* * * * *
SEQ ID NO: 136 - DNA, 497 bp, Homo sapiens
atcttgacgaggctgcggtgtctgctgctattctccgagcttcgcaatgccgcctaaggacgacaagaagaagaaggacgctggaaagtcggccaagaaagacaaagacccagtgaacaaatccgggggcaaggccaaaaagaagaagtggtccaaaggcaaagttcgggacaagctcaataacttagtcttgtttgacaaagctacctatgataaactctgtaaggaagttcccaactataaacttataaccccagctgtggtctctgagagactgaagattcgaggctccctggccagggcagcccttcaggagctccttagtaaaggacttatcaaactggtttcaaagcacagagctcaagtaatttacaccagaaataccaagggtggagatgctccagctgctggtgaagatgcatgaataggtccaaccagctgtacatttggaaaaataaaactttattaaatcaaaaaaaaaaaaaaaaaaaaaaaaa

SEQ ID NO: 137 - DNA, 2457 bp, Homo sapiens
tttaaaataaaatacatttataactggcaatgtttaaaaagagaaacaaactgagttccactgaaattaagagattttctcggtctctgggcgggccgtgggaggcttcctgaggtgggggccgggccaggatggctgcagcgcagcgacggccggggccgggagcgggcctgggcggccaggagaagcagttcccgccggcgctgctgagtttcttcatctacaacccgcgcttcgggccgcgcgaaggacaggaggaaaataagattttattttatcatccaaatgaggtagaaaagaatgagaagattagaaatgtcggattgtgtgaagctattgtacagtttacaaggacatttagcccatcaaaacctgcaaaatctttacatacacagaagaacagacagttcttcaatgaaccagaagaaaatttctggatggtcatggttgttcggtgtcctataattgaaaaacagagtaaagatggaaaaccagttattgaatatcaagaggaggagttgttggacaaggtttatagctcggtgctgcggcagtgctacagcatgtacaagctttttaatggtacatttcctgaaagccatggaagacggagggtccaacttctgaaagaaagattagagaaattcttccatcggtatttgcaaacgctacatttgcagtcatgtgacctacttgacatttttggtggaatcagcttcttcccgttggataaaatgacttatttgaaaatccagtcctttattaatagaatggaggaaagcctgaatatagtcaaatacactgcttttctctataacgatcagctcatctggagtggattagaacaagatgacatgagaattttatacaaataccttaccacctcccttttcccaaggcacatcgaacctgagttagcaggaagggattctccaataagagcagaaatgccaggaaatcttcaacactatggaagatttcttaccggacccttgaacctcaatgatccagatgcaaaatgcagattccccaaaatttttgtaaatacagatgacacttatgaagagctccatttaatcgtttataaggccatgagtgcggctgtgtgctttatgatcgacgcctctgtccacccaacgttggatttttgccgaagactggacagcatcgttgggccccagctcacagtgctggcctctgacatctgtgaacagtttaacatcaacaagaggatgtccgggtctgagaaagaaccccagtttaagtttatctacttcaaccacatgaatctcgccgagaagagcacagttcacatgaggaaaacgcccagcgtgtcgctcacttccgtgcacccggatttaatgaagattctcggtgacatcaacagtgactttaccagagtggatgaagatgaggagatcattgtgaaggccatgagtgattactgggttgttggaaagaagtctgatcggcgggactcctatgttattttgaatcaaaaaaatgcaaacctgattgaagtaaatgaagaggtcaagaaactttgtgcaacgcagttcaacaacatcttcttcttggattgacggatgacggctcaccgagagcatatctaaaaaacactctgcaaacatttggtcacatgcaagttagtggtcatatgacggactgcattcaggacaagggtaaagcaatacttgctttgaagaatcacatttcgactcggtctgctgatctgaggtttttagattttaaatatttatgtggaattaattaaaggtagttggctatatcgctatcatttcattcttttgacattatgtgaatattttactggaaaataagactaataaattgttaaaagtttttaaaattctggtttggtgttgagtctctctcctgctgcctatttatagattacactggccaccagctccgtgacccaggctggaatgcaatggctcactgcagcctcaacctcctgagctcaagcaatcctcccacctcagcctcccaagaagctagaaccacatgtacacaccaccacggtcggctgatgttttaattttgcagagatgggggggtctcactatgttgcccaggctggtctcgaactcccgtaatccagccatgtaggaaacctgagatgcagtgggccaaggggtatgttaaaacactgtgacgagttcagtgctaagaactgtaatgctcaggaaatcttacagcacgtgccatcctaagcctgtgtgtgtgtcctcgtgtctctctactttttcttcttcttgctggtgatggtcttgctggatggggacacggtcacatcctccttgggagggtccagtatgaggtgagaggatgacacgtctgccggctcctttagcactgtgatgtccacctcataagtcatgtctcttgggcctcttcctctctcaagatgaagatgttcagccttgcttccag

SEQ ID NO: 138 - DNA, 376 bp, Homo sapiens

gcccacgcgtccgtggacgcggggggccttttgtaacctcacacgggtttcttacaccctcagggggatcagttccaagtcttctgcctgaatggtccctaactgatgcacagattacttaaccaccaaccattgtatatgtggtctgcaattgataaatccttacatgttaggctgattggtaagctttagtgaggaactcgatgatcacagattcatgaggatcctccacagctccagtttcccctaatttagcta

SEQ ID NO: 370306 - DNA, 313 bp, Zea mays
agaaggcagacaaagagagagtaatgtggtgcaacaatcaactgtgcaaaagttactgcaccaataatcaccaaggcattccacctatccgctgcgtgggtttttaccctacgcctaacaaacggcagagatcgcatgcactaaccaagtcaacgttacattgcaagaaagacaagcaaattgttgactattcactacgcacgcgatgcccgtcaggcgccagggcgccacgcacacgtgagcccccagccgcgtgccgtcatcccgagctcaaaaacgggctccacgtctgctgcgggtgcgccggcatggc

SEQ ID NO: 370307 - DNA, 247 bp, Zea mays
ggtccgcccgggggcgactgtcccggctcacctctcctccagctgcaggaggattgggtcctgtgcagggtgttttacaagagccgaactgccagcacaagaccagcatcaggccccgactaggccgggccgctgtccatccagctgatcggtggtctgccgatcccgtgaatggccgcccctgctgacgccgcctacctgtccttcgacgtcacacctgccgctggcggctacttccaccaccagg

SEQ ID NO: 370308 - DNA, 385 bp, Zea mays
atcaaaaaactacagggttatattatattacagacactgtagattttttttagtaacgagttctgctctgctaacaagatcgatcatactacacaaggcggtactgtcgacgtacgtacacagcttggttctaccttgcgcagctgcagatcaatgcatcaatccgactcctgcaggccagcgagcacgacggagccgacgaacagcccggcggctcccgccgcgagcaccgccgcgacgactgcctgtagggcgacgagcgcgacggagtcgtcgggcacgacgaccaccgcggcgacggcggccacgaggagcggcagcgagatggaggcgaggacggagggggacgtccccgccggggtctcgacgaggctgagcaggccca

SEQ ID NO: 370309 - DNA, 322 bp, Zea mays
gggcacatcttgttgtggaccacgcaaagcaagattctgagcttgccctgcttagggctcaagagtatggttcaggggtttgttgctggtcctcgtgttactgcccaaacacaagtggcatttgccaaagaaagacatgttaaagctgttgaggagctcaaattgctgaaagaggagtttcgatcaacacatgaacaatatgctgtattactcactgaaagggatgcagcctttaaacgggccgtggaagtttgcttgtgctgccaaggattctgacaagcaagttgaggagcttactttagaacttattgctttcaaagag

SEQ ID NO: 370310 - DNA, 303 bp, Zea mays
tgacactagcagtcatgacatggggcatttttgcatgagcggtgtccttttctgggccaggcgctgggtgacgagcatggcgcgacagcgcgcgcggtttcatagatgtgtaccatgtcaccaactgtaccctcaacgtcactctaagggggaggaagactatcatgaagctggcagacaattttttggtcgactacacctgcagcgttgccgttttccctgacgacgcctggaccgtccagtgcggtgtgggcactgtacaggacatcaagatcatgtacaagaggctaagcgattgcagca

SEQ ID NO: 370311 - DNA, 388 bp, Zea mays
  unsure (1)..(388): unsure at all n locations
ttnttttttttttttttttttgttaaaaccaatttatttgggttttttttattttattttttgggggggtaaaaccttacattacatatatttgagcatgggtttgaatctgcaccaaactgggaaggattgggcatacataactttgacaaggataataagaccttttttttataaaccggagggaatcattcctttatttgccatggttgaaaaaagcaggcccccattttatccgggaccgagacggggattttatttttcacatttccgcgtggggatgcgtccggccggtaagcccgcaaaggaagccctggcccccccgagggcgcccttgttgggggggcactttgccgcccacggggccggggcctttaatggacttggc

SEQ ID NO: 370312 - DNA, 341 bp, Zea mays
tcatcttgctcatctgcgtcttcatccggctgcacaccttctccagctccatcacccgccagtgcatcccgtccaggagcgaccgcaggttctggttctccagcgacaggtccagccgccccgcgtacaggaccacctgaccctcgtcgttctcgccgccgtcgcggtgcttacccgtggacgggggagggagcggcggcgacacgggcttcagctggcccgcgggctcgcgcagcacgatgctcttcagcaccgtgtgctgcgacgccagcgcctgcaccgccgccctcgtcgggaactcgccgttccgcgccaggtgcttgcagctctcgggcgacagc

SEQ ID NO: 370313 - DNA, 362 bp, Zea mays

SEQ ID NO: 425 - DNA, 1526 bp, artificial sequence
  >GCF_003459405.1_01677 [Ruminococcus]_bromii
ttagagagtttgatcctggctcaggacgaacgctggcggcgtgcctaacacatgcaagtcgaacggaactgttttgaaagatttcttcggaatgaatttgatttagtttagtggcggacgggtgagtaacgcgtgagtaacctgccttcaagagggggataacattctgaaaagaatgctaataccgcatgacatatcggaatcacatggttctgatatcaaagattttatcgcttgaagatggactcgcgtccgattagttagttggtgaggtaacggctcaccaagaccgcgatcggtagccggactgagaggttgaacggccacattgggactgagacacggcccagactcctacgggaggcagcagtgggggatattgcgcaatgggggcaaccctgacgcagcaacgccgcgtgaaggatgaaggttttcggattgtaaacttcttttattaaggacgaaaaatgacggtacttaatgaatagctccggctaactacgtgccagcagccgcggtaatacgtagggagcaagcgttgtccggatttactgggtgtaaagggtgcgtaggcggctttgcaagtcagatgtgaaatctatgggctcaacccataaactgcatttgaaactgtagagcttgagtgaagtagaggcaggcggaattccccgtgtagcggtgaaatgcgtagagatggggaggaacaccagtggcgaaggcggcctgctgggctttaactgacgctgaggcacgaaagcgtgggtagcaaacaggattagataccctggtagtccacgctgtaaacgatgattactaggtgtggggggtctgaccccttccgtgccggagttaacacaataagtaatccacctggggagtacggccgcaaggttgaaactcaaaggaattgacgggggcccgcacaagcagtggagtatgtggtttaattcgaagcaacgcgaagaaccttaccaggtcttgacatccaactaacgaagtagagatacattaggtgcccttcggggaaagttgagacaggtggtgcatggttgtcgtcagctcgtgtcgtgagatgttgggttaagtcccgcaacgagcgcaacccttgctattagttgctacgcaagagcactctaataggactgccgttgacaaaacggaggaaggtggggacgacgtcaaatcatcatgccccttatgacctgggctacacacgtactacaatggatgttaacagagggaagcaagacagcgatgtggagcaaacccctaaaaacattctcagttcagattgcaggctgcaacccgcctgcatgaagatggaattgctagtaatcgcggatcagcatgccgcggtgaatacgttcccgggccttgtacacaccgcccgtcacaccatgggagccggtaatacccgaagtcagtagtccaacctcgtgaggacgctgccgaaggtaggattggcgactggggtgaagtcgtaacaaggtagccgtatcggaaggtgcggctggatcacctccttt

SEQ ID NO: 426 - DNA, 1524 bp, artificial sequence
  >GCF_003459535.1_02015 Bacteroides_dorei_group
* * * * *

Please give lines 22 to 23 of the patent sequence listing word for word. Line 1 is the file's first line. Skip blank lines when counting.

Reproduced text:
SEQ ID NO: 370313 - DNA, 362 bp, Zea mays

SEQ ID NO: 425 - DNA, 1526 bp, artificial sequence